It’s very important to note that this could have been prevented. The Michigan House Democrats have been sounding the alarm since Operation Gridlock, that happened in mid-April. And there was actually an Operation Judgment Day, of which they actually canceled session because they — I don’t know — perhaps didn’t know what was going to happen.
The actual day that we were there, where the Capitol was stormed by domestic terrorists, we know now, it was surreal. Our offices are actually across the street from the Capitol, and from my office I could see Confederate flags. I could see Nazi swastika paraphernalia. There were signs that say, “Tyrant, get the noose,” in reference to our governor, Gretchen Whitmer. There was actually a truck with a noose hanging off of the back, a life-size noose.
And so, it didn’t take much to know that these threats had nothing to do with the governor’s so-called lockdown or “stay home, stay safe” orders. This was a very dangerous situation that we were entering. And I will also share with you something that many people probably don’t know: They were actually not allowed in the Capitol until minutes before we were called to vote. So, there —
AMY GOODMAN: And explain when this was.
REP. KYRA HARRIS BOLDEN: Yeah, so, this was mid-April, and so kind of the height of the “stay home, stay safe” orders. And obviously there was a lot of angst. There were a lot of businesses closed. But, you know, I think it was just also kind of used as an excuse to rally. We also saw a lot of Trump flags, which seemed out of place for a rally against “stay home, stay safe” orders. But this happened in mid-April at the height of COVID.
So, we were not — or, visitors were not allowed in the Capitol building until minutes before we were called in to vote. And so it was a purposeful action that we would have to be confronted with the same people that were armed, that had Nazi paraphernalia, that had nooses, that had Confederate flags. And fortunately, our gallery was closed, but the Senate’s wasn’t. And you may have seen a picture going around the internet where it was actually confirmed that two of the men arrested had previously been standing armed above the Senate chamber. And that picture was taken by Senator Polehanki.
Some of the senators actually have bulletproof vests because of this situation. It was not safe. And I will also note, it was during the height of COVID, and many of these people were not wearing masks. And they were crowded in our state House. And so, that added an extra layer of kind of terror for us. We’re dealing with a global pandemic, and we’re dealing with what we know now to be domestic terrorists.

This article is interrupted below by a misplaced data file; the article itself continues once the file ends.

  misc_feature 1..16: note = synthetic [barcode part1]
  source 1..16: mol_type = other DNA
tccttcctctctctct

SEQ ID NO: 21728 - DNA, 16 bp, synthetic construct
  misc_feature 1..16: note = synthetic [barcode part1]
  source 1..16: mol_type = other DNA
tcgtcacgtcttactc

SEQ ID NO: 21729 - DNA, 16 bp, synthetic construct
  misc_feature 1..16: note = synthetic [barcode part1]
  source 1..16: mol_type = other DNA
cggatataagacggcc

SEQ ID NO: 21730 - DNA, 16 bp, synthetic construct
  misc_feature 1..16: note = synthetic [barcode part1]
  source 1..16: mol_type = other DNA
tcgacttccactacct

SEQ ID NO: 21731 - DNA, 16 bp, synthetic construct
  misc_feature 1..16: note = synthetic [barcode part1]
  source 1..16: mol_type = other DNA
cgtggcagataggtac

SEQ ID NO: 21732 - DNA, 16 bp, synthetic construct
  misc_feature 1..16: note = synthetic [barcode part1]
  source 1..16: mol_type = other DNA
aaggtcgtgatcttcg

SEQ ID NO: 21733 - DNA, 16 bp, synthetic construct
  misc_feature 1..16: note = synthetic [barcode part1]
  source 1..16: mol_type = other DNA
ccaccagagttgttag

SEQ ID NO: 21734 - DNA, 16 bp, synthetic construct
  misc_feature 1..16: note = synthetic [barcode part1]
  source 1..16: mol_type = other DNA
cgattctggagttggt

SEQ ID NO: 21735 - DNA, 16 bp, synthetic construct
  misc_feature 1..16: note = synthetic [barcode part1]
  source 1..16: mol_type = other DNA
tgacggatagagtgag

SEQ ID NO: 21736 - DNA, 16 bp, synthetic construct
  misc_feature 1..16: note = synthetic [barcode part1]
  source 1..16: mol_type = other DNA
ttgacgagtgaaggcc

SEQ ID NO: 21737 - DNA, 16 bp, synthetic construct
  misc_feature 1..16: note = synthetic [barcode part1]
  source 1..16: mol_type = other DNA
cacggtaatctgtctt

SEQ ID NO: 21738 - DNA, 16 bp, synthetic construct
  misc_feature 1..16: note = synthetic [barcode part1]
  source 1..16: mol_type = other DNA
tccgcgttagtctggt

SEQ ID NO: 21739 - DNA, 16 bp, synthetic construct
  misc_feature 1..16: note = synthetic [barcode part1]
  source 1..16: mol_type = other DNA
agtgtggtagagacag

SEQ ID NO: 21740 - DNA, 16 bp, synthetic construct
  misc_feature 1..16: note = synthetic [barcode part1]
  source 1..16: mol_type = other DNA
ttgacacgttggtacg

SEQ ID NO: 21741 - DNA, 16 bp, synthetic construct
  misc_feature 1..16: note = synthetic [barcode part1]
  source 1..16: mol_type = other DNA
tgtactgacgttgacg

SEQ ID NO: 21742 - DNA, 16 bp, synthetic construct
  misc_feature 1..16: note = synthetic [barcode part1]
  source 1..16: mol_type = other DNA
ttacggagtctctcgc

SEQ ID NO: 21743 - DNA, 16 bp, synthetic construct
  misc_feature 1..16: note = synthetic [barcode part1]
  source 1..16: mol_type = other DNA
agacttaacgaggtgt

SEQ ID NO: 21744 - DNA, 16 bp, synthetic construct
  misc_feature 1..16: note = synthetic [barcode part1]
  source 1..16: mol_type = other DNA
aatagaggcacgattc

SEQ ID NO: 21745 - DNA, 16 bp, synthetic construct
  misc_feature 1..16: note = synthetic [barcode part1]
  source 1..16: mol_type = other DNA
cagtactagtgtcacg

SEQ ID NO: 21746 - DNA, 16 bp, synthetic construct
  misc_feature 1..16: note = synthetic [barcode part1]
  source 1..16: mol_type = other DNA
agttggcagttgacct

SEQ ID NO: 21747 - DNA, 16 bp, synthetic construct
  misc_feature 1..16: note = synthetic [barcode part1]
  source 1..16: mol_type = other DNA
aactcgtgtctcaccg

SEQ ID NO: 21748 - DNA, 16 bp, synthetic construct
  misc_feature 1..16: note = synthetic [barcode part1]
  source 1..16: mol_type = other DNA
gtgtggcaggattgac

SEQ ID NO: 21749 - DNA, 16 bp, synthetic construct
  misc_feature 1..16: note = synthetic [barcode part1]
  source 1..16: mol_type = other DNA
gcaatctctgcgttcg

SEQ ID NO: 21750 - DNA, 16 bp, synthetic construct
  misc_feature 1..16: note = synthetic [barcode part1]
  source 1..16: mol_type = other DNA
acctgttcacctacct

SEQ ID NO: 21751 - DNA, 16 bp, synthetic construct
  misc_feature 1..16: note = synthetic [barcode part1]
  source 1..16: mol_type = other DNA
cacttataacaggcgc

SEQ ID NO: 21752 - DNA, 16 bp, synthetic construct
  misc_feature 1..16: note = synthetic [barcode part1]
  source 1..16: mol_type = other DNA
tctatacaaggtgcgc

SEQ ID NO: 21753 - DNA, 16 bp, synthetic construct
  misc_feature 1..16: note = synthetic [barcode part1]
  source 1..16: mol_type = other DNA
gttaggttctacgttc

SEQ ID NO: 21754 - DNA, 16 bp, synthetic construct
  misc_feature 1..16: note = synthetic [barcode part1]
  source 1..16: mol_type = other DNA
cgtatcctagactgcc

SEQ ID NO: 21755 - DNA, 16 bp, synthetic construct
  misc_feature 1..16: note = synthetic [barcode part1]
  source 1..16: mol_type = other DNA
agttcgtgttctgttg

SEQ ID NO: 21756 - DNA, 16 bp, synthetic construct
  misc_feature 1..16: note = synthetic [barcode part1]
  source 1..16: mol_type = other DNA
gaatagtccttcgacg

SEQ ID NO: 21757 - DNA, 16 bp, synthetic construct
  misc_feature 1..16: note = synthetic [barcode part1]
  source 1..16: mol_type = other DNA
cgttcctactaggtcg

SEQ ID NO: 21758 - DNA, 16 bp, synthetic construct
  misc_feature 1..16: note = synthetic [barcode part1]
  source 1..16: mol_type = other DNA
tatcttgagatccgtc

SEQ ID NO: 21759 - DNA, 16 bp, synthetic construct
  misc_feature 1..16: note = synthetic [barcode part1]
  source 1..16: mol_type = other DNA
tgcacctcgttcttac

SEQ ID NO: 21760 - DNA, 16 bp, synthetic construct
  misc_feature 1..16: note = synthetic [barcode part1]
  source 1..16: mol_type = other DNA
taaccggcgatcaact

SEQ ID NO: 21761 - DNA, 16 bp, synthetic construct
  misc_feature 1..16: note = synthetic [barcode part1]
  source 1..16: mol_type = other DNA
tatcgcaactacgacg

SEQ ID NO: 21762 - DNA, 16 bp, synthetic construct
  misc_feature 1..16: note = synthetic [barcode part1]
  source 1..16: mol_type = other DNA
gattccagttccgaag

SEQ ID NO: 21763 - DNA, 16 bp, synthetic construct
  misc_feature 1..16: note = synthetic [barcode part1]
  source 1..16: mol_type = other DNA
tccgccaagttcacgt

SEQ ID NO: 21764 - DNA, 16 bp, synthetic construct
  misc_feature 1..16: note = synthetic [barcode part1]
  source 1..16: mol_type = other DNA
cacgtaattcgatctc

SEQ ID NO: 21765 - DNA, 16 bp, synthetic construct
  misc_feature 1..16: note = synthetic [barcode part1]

AMY GOODMAN: So, in April, that’s when President Trump, the time you’re describing now, tweeted, ”LIBERATE MICHIGAN!”
REP. KYRA HARRIS BOLDEN: Yes.
AMY GOODMAN: And then, in May, he wrote, “These are very good people.” I want to go to Washington Congressmember Pramila Jayapal, who was questioning Attorney General William Barr during a House Judiciary Committee hearing in July about the threats to Michigan Governor Gretchen Whitmer. It was a contentious exchange. Jayapal noted the discrepancy between Barr’s militarized response to Black Lives Matter protesters and armed white militia members who displayed white nationalist symbols and threatened Michigan’s governor.
REP. PRAMILA JAYAPAL: On two separate occasions, after President Trump tweeted ”LIBERATE MICHIGAN!” to subvert stay-home orders to protect the public health of people in Michigan, protesters swarmed the Michigan Capitol carrying guns, some with swastikas, Confederate flags, and one even with a dark-haired doll with a noose around its neck. Are you aware that these protesters called for the governor to be lynched, shot and beheaded?
ATTORNEY GENERAL WILLIAM BARR: No.
REP. PRAMILA JAYAPAL: You’re not aware of that?
ATTORNEY GENERAL WILLIAM BARR: I was not aware.
REP. PRAMILA JAYAPAL: Major protests in Michigan. You’re the attorney general, and you didn’t know that the protesters called for the governor to be lynched, shot and beheaded.
ATTORNEY GENERAL WILLIAM BARR: Well —
REP. PRAMILA JAYAPAL: So, obviously, you couldn’t be concerned about that. You didn’t —
ATTORNEY GENERAL WILLIAM BARR: Well, there are a lot of protests around the United States. And on June 1st, I was worried about the District of Columbia, which is federal.
REP. PRAMILA JAYAPAL: Attorney General Barr, you seem to be engaging in protests in certain parts of the country. You’re very aware of those. But when protesters with guns and swastikas —
ATTORNEY GENERAL WILLIAM BARR: I’m very — I am aware of protesters in the federal government.
REP. PRAMILA JAYAPAL: — and Confederate flags — excuse me, Mr. Barr, this is my time, and I control it. You are aware of certain kinds of protesters, but in Michigan, when protesters carry guns and Confederate flags and swastikas and call for the governor of Michigan to be beheaded and shot and lynched, somehow you’re not aware of that.
AMY GOODMAN: So, that’s Congressmember Pramila Jayapal questioning Attorney General William Barr. Remember, the attorney general is in charge of the Justice Department. It’s the FBI, the U.S. attorney and state officials who have now charged 13 men with various domestic terrorism charges. I want to go back to Russ McNamara and talk about the groups that are involved. This is not just a disparate group of individuals. We’re talking about “boogaloo,” and we’re talking about — well, tell us about this group called the Wolverines, the —